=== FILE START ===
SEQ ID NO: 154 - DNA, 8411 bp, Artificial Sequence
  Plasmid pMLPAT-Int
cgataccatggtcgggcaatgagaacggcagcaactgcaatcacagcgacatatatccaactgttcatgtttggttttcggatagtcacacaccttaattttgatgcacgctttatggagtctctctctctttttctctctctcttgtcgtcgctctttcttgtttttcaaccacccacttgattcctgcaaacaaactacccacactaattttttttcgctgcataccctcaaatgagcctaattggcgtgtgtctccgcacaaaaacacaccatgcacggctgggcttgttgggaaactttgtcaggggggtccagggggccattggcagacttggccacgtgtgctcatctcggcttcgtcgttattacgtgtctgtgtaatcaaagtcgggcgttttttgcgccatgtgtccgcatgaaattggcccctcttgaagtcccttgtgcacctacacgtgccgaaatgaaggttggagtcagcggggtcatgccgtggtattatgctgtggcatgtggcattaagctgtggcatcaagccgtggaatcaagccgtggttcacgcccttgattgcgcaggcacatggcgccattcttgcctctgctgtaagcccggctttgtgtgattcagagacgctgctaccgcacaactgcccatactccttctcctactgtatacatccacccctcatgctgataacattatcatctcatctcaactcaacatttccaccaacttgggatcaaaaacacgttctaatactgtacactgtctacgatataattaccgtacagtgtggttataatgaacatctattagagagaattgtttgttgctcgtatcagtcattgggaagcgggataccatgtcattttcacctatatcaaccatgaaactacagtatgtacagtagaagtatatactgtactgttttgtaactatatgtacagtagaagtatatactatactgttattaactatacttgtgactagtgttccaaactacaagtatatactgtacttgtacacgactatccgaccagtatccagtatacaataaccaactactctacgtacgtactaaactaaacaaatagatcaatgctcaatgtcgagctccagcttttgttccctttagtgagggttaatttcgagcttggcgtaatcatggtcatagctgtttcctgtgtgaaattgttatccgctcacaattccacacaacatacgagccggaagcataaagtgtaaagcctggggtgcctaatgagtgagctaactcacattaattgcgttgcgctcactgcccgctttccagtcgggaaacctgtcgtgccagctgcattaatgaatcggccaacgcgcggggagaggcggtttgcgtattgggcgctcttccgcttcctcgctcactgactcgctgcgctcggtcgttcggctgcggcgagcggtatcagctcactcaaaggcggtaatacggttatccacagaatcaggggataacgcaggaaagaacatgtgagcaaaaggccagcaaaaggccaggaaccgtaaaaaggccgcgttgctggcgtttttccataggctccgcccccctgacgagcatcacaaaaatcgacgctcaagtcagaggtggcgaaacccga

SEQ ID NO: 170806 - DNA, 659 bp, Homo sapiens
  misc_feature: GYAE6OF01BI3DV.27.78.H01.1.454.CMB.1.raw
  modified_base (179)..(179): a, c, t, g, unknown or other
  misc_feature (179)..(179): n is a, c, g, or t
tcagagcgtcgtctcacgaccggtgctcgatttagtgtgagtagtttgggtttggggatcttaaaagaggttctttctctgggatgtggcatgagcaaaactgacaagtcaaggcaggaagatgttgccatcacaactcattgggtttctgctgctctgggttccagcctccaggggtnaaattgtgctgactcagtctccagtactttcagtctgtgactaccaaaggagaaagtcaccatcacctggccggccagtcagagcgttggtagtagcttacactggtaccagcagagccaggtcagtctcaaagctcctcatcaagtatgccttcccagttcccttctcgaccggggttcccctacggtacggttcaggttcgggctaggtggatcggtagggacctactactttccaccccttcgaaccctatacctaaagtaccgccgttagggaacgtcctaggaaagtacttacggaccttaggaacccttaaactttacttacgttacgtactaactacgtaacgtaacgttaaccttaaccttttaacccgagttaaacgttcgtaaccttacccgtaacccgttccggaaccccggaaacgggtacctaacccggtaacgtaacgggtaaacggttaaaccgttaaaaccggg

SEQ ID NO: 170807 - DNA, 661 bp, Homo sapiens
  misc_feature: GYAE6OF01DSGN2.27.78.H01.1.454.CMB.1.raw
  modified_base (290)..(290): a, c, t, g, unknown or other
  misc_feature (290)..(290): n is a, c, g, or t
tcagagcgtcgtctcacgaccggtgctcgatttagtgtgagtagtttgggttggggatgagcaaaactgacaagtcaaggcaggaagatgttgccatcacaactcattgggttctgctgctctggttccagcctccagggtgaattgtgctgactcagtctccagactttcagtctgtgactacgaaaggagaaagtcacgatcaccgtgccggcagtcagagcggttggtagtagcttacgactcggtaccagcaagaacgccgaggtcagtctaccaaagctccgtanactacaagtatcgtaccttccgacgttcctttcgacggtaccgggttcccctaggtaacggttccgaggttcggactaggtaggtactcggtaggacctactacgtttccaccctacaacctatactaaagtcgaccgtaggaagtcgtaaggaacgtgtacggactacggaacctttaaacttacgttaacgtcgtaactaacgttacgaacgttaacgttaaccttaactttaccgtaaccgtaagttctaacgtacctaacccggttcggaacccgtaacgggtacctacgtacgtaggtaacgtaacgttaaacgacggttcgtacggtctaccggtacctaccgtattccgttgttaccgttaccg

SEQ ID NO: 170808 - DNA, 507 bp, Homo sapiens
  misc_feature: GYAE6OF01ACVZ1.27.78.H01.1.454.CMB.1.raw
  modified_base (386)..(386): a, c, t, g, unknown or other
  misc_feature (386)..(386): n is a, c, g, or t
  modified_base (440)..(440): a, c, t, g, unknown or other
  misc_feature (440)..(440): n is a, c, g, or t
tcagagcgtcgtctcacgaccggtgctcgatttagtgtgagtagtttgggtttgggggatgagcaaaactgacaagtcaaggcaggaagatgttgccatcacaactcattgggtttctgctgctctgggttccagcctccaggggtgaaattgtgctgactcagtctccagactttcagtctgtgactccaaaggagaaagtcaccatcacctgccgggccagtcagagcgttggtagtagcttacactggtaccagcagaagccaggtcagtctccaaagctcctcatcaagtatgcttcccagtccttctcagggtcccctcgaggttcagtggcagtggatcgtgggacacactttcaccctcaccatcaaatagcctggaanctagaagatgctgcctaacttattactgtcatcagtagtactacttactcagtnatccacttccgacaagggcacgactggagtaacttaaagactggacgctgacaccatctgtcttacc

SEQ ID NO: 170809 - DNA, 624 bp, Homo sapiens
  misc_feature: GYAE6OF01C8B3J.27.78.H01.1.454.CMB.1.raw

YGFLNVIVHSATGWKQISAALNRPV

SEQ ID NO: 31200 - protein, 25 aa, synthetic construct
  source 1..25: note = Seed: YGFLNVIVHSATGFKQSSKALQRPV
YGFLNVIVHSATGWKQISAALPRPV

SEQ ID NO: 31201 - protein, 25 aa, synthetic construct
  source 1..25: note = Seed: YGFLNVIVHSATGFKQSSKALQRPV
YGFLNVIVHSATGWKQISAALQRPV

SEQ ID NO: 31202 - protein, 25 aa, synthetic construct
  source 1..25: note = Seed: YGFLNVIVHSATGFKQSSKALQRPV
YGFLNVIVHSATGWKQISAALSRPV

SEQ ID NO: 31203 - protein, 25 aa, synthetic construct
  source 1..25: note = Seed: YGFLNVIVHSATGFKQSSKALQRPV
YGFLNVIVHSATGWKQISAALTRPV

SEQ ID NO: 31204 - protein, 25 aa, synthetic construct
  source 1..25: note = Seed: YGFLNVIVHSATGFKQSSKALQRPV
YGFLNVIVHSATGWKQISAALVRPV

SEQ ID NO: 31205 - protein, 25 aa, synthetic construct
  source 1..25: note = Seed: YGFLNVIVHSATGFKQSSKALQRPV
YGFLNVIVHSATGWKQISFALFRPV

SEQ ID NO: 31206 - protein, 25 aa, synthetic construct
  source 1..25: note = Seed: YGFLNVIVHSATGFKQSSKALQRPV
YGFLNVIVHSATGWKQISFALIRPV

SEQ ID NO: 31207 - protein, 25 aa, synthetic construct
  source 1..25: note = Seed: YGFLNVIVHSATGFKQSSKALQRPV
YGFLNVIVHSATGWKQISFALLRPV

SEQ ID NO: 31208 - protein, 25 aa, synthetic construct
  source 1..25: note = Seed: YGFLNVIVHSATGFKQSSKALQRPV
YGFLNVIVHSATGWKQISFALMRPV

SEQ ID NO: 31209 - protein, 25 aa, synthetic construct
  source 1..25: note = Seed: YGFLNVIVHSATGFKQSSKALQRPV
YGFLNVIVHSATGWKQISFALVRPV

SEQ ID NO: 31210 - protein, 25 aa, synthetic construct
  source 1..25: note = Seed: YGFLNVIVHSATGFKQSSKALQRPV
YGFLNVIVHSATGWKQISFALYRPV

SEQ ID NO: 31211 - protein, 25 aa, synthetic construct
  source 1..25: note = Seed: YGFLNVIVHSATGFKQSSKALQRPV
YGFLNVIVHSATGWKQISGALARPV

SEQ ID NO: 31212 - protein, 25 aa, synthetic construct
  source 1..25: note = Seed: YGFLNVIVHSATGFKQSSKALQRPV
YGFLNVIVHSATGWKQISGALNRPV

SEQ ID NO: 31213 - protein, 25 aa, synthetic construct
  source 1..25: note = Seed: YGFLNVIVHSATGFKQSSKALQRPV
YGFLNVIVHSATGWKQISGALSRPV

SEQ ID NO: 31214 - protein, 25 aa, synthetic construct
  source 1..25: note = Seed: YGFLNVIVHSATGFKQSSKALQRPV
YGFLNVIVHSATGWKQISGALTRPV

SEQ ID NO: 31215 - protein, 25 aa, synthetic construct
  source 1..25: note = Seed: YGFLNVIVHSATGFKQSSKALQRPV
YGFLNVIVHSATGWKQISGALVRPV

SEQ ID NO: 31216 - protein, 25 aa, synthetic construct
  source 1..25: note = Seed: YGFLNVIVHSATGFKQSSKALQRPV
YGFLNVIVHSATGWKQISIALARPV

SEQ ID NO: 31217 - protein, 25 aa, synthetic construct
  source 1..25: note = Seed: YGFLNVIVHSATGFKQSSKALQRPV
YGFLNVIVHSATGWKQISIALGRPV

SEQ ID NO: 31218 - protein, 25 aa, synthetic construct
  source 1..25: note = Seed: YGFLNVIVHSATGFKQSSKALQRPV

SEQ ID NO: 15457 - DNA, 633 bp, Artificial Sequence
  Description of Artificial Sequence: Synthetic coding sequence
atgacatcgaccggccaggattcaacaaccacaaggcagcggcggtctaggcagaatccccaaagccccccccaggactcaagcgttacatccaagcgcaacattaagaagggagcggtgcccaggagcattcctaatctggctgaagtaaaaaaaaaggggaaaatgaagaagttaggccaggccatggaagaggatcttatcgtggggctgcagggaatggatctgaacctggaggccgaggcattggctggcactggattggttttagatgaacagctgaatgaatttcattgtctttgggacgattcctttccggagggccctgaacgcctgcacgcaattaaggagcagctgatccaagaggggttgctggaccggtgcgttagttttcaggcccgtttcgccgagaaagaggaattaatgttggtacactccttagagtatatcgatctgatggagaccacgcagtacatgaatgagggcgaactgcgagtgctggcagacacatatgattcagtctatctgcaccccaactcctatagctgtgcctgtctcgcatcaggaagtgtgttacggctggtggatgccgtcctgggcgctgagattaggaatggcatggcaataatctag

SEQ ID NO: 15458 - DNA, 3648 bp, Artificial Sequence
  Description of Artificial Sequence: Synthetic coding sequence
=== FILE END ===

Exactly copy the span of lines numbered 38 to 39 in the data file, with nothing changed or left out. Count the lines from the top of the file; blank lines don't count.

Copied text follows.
YGFLNVIVHSATGWKQISAALVRPV

SEQ ID NO: 31205 - protein, 25 aa, synthetic construct